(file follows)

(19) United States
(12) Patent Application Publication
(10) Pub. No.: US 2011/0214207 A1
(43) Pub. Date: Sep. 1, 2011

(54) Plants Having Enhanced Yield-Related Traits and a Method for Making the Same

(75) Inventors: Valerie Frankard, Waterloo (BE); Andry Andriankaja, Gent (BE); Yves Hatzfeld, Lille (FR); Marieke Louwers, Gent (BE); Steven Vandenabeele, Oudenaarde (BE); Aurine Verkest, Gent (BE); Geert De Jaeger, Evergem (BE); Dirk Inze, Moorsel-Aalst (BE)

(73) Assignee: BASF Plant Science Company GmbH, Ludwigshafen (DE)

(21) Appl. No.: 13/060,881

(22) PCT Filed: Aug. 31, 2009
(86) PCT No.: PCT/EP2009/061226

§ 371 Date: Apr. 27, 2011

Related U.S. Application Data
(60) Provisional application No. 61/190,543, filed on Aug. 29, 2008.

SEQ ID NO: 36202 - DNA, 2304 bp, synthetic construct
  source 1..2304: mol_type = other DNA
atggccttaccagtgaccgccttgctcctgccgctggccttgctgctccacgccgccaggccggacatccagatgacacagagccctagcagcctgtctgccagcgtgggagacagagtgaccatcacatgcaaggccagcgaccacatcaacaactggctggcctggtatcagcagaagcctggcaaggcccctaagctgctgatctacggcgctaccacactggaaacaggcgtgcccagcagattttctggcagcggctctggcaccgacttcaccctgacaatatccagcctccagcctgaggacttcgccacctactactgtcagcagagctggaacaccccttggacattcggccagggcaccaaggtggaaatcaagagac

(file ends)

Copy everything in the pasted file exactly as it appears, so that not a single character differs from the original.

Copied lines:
(19) United States
(12) Patent Application Publication
(10) Pub. No.: US 2011/0214207 A1
(43) Pub. Date: Sep. 1, 2011

(54) Plants Having Enhanced Yield-Related Traits and a Method for Making the Same

(75) Inventors: Valerie Frankard, Waterloo (BE); Andry Andriankaja, Gent (BE); Yves Hatzfeld, Lille (FR); Marieke Louwers, Gent (BE); Steven Vandenabeele, Oudenaarde (BE); Aurine Verkest, Gent (BE); Geert De Jaeger, Evergem (BE); Dirk Inze, Moorsel-Aalst (BE)

(73) Assignee: BASF Plant Science Company GmbH, Ludwigshafen (DE)

(21) Appl. No.: 13/060,881

(22) PCT Filed: Aug. 31, 2009
(86) PCT No.: PCT/EP2009/061226

§ 371 Date: Apr. 27, 2011

Related U.S. Application Data
(60) Provisional application No. 61/190,543, filed on Aug. 29, 2008.

SEQ ID NO: 36202 - DNA, 2304 bp, synthetic construct
  source 1..2304: mol_type = other DNA
atggccttaccagtgaccgccttgctcctgccgctggccttgctgctccacgccgccaggccggacatccagatgacacagagccctagcagcctgtctgccagcgtgggagacagagtgaccatcacatgcaaggccagcgaccacatcaacaactggctggcctggtatcagcagaagcctggcaaggcccctaagctgctgatctacggcgctaccacactggaaacaggcgtgcccagcagattttctggcagcggctctggcaccgacttcaccctgacaatatccagcctccagcctgaggacttcgccacctactactgtcagcagagctggaacaccccttggacattcggccagggcaccaaggtggaaatcaagagac